Staying motivated is one of the most challenging aspects of maintaining a consistent fitness routine. This is why many people prefer to take up a sport, rather than sign up for a gym membership. And for men in particular, one of the fastest growing sports is MMA.
Many would argue that MMA is the purest and most complete sport. Although the rules are very simple, you still require lots of studying, strategy and practice to win. But you’ll eventually reach a plateau where more knowledge will no longer give you a significant edge over a similarly experienced opponent. At this stage, physical conditioning becomes an essential part of the MMA training program.
Of course, at this stage, many athletes will begin weight training to gain mass and try to build a gorilla physique. Although this may look good in pictures, this type of training may not be optimal for improving their fighting game in the shortest time.
One of the most commonly overlooked areas in a fighter’s conditioning is neck strength.
The neck is crucial to MMA for a number of reasons.
First of all, the neck is the most likely source of injury for fighters. A single torn muscle or slipped disc can take a fighter out of training for weeks or even permanently. And a more severe spinal injury can have serious effects on a fighter’s health both inside and outside of the ring.
Also, the neck is one of the most common points of attacks for submissions such as cranks, guillotines, and chokes. During the final moments of a match, all of your opponent’s full body strength will be focused on your neck, and you must be properly conditioned to ensure this stress won’t cause injury.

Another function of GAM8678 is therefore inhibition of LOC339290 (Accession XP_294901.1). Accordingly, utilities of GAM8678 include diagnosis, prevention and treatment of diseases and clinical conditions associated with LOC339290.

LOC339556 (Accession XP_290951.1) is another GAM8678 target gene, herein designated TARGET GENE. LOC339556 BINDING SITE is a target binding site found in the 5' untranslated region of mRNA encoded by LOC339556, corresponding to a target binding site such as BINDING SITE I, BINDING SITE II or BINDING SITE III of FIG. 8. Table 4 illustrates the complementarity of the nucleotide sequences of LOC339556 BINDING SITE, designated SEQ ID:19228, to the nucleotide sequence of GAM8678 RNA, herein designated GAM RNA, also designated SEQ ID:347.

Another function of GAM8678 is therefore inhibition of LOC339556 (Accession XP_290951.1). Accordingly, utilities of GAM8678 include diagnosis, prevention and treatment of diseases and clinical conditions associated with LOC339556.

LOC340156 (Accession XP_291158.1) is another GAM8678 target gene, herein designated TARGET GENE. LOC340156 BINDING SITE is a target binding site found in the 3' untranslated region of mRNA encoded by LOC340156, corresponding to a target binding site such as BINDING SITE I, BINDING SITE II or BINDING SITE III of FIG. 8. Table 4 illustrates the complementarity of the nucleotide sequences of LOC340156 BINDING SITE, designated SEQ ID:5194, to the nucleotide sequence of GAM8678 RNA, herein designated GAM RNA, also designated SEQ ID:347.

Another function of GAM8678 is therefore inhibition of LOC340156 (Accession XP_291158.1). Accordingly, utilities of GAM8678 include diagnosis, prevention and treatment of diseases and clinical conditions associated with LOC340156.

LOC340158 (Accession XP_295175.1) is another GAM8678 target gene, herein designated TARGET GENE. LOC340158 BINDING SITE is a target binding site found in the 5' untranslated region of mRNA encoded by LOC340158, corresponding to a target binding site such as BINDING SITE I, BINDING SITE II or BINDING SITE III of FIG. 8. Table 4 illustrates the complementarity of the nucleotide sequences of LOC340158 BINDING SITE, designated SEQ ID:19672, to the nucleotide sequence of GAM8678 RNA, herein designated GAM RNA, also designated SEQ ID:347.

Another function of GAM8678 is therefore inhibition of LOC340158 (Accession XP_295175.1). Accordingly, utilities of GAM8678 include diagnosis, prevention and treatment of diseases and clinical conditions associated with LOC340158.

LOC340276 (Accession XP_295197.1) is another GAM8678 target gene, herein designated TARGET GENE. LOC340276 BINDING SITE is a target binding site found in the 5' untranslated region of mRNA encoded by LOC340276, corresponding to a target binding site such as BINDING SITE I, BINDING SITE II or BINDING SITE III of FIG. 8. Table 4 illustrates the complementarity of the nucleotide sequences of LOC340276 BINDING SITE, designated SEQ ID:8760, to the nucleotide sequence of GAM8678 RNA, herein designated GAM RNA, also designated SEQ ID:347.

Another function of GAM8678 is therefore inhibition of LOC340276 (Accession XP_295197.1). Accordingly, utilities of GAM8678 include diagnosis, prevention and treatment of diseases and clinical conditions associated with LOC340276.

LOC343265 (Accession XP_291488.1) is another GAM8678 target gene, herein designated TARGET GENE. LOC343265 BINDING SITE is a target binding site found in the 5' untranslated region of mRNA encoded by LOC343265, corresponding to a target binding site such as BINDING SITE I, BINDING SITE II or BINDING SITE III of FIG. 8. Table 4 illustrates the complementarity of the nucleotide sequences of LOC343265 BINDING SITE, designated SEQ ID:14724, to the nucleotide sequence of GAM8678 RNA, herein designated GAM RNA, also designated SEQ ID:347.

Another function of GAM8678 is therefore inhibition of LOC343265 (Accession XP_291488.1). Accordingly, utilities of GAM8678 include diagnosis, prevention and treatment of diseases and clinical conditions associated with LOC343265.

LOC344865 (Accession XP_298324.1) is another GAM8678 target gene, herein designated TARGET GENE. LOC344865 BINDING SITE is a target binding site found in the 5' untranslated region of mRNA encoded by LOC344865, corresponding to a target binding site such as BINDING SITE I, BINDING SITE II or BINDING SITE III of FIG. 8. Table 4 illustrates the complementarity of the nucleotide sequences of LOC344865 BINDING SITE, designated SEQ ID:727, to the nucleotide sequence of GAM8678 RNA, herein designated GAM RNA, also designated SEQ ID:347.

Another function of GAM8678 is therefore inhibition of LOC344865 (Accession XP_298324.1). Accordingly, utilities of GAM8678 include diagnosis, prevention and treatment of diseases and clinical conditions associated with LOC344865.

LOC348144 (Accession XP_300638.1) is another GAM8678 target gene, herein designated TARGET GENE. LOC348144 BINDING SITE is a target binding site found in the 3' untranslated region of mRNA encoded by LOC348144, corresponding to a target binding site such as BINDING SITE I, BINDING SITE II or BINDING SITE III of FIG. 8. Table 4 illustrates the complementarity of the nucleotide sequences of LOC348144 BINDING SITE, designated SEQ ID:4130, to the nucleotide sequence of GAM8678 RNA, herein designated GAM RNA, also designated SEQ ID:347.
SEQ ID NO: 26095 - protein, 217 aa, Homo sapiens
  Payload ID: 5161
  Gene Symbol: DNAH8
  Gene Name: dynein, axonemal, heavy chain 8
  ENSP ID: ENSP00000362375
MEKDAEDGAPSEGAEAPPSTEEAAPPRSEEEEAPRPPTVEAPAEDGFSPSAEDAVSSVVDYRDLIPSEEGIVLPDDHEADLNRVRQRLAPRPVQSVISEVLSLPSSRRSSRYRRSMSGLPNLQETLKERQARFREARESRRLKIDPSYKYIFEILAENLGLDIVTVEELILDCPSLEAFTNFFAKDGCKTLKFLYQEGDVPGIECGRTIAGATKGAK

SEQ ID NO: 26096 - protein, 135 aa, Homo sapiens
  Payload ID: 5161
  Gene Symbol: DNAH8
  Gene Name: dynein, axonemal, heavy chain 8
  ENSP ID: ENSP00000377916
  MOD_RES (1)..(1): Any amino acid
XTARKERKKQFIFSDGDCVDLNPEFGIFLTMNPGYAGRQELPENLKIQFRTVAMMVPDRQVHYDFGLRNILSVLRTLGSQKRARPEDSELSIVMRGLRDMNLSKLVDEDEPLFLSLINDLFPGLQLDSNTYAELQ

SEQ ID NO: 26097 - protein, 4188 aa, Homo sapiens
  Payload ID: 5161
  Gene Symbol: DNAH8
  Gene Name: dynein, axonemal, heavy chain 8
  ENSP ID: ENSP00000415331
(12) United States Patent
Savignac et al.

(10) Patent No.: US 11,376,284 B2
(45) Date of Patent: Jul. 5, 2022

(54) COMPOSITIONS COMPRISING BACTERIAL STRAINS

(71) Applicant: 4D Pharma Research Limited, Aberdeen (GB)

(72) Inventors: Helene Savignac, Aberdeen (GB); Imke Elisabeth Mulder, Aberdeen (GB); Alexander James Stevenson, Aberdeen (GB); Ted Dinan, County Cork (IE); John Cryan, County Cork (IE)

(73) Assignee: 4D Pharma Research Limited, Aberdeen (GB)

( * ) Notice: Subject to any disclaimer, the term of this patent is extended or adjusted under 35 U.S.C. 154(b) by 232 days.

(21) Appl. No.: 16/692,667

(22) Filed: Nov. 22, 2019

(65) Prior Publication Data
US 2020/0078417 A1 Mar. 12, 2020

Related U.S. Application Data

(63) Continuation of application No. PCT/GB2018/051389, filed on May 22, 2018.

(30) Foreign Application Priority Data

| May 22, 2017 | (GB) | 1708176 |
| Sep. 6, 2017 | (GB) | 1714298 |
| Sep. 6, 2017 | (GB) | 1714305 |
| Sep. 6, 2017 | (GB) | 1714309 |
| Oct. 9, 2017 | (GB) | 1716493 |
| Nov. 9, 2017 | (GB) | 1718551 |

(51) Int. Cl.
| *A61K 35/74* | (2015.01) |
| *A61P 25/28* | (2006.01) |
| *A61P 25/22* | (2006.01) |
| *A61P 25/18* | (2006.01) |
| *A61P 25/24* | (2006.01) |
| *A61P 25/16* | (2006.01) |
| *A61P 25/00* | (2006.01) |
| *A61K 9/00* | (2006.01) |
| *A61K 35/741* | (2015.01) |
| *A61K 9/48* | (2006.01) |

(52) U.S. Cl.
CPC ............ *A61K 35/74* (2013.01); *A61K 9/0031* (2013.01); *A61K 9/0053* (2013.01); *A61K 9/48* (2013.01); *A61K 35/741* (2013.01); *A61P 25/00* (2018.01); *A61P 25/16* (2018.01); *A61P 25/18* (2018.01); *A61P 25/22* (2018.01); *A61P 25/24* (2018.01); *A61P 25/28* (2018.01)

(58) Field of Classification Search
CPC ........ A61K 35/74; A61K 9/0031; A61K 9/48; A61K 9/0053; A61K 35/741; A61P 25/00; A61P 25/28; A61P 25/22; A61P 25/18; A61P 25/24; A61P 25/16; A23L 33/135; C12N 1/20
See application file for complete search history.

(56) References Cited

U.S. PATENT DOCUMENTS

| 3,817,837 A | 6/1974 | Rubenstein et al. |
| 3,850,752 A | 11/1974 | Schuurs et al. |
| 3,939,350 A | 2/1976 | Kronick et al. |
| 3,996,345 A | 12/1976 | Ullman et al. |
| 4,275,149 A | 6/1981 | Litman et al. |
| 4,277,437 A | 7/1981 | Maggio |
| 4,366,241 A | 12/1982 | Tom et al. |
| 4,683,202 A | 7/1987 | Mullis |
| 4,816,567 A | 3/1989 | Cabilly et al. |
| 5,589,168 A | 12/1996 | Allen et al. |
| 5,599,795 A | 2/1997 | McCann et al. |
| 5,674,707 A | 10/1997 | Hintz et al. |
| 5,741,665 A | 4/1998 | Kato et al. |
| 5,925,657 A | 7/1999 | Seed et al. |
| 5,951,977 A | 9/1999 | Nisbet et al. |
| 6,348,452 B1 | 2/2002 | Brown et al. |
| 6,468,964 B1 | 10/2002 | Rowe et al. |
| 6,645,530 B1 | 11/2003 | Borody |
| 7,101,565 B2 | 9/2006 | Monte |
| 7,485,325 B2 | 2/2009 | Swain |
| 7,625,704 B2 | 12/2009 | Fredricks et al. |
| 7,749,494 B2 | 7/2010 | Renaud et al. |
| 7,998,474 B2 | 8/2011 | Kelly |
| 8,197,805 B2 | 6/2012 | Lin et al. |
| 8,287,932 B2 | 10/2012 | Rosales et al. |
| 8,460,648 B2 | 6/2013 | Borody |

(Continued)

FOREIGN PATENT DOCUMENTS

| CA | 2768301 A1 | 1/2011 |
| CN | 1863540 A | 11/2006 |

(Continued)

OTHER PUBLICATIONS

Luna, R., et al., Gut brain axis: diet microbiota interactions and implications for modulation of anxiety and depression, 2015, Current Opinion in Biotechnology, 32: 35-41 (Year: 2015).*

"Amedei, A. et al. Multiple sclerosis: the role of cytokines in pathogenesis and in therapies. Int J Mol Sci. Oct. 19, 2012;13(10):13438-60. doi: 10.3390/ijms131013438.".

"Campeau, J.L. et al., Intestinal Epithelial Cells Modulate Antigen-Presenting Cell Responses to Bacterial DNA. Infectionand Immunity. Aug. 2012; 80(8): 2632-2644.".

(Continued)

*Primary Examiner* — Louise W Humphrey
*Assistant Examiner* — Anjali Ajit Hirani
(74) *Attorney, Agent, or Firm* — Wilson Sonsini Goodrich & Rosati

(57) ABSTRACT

Given the punishment that a neck will take from getting stacked, from chokes and from strikes to the head, it’s absolutely essential that a fighter look after their health by strengthening those neck muscles.
A strong neck will also give the fighter some important tactical advantages when fighting.
One of the core strategies in MMA is to control the opponent’s head, since the rest of the body will always follow. If you can give your opponent more resistance in controlling the head, you can gain an important core tactical advantage.
The neck is critical for controlling the opponent in the clinch, and it’s also a major point of leverage during takedowns. And during ground fighting, the neck will often have to support the fighter’s weight while manoeuvring.
In order to excel as a fighter, you need to make neck training an essential part of your workout and conditioning routine. Start off slow, with simple exercises. Then, work your way up to more stressful routines as your neck muscles get stronger.
Given the fact that so many fighters overlook this aspect of conditioning, the neck strength you build will be a secret weapon which gives you a strong tactical advantage against other fighters.